If we do not even dare to imagine a different world order, it will never come into being. As followers of Jesus’ Way, we do not need to create this vision from scratch. We have the beautiful description of prophets including Jesus who dared to imagine that not one thing we do and are will ever be lost, even if we suffer greatly, even if things seem to end in defeat. We should not view the great accomplishments of human history like Kipchoge’s 2 hour marathon or the Impossible Row or surviving Auschwitz and say, this is not for ordinary people like you and me. Instead, as followers of Jesus’ Way whose central symbol is about death and resurrection, I believe God’s Spirit is inviting us to imagine and dare much more than we do now. By your endurance you will gain your souls.

Today is Gratitude Sunday, a day in which we are giving our pledges to St. John’s. It is true that beautiful things are happening in and through our community. It is also true that because of the combined impact of the pandemic and the meta movements in our culture, we are a smaller community than we used to be, so our income is less even as our expenses are greater in this time of inflation. It may be that the St. John’s of the future looks different than it has in the past. But I believe with all my heart that we should not fear these changes. We can endure almost anything if our purpose is clear. Our purpose is nothing less than the healing of this earth, than imagining and learning and living an utterly regenerative way of being that heals and does not harm in anything that we do.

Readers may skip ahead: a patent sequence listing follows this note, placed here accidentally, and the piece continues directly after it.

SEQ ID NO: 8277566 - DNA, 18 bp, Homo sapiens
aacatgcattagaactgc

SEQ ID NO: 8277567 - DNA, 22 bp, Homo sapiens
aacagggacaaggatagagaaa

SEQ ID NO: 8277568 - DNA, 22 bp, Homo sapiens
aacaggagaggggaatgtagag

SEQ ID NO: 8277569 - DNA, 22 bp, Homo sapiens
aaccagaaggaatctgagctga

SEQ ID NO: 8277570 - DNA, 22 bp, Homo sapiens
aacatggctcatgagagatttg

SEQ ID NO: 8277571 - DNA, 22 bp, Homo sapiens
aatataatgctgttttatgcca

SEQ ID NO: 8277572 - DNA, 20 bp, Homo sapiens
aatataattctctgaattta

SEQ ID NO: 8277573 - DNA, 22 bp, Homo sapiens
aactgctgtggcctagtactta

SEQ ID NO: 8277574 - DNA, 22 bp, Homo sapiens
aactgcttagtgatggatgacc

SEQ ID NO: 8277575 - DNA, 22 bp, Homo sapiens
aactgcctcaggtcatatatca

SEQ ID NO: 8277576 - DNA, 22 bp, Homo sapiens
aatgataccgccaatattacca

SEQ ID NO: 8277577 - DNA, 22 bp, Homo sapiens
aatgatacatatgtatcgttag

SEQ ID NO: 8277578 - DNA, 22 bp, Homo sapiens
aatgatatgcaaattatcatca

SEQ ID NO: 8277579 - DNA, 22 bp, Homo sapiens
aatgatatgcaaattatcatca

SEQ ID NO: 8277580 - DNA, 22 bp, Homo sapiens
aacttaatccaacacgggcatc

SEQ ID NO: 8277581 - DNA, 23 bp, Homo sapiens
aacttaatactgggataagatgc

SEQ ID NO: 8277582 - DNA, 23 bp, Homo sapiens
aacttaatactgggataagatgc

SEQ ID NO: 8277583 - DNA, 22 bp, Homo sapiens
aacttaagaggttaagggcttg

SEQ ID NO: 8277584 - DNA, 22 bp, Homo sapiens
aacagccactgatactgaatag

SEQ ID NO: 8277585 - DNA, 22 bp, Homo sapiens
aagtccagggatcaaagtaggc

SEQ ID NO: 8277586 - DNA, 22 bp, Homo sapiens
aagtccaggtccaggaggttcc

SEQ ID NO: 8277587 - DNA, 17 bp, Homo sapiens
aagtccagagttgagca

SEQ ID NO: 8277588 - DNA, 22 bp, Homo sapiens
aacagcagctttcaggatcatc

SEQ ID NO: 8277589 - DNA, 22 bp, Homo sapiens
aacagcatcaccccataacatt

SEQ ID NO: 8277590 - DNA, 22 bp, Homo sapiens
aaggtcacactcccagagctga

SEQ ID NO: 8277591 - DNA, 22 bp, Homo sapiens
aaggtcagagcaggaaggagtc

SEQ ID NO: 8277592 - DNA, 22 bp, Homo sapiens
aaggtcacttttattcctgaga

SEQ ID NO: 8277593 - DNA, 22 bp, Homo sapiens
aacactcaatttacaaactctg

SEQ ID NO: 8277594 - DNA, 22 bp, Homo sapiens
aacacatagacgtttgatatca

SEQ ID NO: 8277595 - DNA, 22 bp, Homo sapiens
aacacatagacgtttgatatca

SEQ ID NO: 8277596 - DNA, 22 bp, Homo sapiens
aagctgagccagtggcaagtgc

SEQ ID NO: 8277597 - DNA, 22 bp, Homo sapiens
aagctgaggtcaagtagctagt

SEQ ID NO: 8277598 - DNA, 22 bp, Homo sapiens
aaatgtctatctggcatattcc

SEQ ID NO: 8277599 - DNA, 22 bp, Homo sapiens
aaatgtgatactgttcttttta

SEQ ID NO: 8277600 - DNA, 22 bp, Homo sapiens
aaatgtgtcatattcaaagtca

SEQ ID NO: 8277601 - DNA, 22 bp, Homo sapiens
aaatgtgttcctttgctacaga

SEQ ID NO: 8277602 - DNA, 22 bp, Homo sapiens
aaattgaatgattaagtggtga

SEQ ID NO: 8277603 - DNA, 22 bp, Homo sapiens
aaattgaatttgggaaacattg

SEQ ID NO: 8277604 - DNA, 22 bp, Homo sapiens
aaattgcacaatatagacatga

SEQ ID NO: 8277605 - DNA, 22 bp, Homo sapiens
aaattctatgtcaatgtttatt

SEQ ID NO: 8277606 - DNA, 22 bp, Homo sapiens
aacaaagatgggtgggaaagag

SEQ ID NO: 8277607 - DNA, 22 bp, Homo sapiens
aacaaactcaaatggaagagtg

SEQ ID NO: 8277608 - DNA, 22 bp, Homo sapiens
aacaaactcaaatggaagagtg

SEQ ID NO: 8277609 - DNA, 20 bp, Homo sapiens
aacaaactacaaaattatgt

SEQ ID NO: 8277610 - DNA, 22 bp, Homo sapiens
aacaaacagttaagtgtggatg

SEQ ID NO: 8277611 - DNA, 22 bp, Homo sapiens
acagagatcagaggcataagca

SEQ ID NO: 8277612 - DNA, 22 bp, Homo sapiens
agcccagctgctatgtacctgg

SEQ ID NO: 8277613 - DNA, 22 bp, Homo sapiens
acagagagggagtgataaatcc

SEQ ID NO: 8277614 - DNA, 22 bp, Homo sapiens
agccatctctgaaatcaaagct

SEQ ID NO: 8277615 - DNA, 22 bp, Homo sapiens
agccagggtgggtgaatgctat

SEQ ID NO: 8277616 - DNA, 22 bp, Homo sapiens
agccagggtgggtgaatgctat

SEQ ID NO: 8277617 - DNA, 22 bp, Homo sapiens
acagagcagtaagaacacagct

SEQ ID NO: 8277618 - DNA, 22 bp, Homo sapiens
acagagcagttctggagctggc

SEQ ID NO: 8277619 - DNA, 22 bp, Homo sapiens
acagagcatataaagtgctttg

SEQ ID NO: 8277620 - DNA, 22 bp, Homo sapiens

Let us spend time with this vision and nurture it and play with it. Let us cultivate our imagination with the inspiration of holy scripture and the natural world and the good examples of so many who have dared great things. Let us walk forward with endurance and hope, following Jesus’ Way of Love together. Amen.

9am Contemporary Service

11am Traditional Service